After generations untouchables enter Rajasthan temple

December 21st, 2008 - 4:57 pm ICT by IANS  

Alwar (Rajasthan), Dec 21 (IANS) There was a sense of pride, jubilation and certainly relief as 55-year-old Shanti Chamar finally entered a temple, performed puja and shared food with upper caste people here in an attempt to bring equality and social assimilation. Chamar and scores of scavengers tagged as untouchables by India’s orthodox caste system finally achieved their dream of social equality in this Rajasthan town.

“Since my birth I had not entered a temple. Today I feel liberated and have achieved what I have been dreaming for years,” she told IANS after coming out of Jagannath temple here.

“From now on, I will visit the temple every morning. Like Bramhins and other people, I can pray to my god,” she said wearing a clean sky-blue saree as nearly 50 other women of the same caste clapped to support her and express their feeling of “liberation”.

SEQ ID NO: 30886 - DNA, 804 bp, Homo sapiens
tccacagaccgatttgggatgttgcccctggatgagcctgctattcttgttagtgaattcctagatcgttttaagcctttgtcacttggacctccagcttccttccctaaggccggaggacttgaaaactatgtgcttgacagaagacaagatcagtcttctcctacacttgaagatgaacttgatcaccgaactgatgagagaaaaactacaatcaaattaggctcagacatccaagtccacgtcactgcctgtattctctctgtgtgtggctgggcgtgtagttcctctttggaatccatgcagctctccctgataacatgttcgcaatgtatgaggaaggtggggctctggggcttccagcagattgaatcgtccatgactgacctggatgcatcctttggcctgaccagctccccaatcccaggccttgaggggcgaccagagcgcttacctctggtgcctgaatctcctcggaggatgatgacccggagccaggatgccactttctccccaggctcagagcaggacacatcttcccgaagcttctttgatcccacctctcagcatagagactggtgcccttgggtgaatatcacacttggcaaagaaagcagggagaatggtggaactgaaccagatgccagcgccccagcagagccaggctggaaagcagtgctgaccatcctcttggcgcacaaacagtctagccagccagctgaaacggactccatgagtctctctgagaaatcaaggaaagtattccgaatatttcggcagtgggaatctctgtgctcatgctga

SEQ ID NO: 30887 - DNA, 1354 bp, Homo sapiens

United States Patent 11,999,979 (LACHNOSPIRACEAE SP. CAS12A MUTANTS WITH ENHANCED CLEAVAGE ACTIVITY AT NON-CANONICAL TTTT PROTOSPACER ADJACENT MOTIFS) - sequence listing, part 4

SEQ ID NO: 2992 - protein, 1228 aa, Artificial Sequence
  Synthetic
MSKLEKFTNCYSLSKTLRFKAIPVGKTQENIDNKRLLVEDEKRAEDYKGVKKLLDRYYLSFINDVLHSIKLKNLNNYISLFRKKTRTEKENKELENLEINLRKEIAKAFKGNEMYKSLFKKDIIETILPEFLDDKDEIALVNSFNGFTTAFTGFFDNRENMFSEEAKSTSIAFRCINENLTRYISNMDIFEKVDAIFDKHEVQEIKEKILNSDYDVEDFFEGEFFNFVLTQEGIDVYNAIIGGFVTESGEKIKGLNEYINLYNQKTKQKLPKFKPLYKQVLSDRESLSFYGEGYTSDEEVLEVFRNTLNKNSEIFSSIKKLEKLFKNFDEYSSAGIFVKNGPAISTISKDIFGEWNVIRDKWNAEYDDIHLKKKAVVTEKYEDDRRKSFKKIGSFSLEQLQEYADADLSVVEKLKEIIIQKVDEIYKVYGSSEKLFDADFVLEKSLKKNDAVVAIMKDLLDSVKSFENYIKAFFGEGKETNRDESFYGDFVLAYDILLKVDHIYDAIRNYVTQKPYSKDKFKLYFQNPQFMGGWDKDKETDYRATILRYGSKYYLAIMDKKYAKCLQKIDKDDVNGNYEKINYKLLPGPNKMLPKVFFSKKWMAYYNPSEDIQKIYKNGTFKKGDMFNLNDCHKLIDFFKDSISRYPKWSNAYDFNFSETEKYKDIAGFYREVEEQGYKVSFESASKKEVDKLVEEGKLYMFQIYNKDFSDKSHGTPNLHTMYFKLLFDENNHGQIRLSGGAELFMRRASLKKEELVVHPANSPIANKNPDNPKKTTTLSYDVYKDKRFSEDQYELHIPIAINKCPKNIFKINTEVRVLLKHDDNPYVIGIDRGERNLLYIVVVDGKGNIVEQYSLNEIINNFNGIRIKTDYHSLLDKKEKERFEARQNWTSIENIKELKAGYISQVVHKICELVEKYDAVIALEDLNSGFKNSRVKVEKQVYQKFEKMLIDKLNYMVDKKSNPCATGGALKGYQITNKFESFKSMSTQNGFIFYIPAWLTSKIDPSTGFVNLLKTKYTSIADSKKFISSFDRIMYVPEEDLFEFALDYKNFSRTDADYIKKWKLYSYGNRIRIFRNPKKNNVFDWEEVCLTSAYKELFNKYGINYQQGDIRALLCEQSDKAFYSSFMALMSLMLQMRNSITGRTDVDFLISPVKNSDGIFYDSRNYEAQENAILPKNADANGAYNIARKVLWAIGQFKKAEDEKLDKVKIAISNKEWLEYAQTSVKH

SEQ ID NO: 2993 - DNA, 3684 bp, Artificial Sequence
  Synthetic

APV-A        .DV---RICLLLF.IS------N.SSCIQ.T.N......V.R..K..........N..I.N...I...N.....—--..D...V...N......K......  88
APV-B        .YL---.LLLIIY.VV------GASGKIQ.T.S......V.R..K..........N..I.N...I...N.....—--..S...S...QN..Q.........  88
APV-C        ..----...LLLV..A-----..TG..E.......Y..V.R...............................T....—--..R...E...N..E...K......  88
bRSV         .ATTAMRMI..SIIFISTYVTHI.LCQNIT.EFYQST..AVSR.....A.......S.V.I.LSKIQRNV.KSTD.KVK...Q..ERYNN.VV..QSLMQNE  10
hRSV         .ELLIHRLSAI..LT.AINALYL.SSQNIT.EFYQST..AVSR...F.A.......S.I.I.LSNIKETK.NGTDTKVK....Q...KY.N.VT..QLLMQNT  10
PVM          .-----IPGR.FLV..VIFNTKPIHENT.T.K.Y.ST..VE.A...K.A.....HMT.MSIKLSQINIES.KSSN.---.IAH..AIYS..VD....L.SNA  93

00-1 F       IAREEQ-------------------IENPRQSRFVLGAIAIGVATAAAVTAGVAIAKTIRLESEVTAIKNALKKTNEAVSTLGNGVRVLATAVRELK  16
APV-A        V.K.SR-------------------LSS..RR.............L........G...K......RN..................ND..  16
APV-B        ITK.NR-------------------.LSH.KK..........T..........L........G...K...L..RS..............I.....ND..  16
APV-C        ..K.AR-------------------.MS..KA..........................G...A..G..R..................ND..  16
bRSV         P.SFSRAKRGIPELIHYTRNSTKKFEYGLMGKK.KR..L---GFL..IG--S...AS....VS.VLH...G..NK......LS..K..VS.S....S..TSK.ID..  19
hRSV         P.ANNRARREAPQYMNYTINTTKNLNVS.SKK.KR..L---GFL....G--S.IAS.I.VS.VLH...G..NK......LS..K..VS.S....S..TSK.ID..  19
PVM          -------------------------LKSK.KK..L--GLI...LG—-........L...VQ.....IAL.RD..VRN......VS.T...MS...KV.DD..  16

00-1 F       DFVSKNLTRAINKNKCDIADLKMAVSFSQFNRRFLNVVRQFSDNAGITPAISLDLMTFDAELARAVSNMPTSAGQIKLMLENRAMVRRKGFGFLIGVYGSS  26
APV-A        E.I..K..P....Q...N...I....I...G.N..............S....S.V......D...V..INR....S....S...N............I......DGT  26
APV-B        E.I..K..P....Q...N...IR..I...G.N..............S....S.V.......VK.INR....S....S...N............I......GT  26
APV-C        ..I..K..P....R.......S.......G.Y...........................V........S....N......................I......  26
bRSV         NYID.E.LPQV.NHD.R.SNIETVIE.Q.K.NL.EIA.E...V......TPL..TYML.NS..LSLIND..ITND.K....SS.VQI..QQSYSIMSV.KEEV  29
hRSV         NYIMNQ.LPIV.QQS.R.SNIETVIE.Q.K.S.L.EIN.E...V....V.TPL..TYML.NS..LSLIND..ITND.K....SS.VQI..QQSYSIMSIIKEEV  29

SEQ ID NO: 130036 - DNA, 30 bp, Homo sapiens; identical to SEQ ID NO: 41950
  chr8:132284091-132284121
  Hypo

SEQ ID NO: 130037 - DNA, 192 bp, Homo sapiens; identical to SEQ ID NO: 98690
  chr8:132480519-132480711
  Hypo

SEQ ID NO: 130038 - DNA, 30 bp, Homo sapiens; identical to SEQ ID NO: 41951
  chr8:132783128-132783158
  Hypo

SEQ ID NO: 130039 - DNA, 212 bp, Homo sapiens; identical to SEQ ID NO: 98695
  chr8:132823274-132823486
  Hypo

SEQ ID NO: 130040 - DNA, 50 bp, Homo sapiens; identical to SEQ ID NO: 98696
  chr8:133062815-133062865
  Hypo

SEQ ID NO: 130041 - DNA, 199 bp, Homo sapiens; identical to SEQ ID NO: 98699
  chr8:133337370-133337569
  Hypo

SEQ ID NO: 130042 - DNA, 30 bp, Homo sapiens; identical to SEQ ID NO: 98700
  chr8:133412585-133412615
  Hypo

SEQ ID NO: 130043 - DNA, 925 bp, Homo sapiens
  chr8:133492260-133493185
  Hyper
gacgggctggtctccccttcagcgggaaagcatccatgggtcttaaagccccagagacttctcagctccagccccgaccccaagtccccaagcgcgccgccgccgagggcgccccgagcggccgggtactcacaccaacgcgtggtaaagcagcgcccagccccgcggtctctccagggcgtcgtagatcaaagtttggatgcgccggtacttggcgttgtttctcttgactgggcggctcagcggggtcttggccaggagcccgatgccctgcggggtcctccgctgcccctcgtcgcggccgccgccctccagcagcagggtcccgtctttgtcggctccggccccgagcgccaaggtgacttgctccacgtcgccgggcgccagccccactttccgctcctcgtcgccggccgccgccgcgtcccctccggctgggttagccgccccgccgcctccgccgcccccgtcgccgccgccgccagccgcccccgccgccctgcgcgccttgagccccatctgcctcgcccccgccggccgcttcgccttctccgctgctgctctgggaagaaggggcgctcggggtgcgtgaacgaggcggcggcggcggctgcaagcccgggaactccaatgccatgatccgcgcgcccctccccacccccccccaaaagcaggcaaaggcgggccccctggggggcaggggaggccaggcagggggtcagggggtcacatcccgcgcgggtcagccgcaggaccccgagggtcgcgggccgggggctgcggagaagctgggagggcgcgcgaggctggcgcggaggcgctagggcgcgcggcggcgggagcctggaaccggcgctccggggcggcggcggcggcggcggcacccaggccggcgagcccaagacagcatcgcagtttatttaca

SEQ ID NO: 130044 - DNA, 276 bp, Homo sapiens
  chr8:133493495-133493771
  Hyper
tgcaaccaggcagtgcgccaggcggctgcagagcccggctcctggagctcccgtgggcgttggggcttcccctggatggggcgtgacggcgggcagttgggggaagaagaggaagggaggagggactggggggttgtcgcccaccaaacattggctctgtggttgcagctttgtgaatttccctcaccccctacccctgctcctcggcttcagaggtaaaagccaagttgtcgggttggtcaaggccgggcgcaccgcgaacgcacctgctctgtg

“We had left the dirty job (of cleaning toilets and carrying human excreta on the head) a couple of years back but the stigma still continued. It finally ended today (Sunday),” said Lalita, 40.

Lalita said her 14-year-old daughter has been complaining about their social status and now she can go to school and temple without anyone asking her about her family profession.

“I will tell all my fellow women who are still doing the job to quit and do some other work. But let me tell you, this is a dream come true,” said Nitu Goyar, 33.

Amid hundreds of people and scores of journalists from several states, these women shared offering from the temple and then lunch - dal, rice, bread and vegetable curry - with people in their village, Hajuri Gate.

Pandit Debanand Sharma, the chief priest of the temple, said: “This is definitely a great day for our people from all castes. I believe god is of everyone and no one should be discriminated.”

Bindeshwar Pathak, the founder of the Sulabh International, an NGO working for the socio-economic emancipation of these scavengers, said: “For last four decades, I have been trying for this day. With this development, I can say Gandhiji’s dream of equality got fulfilled.”

“Though there is still a long way to go to dispel untouchability, this humble step is a step forward in this direction,” Pathak said.

Though Indian government claims that they have liberated most of the scavengers, there are thousands who still need social and economic upliftment.

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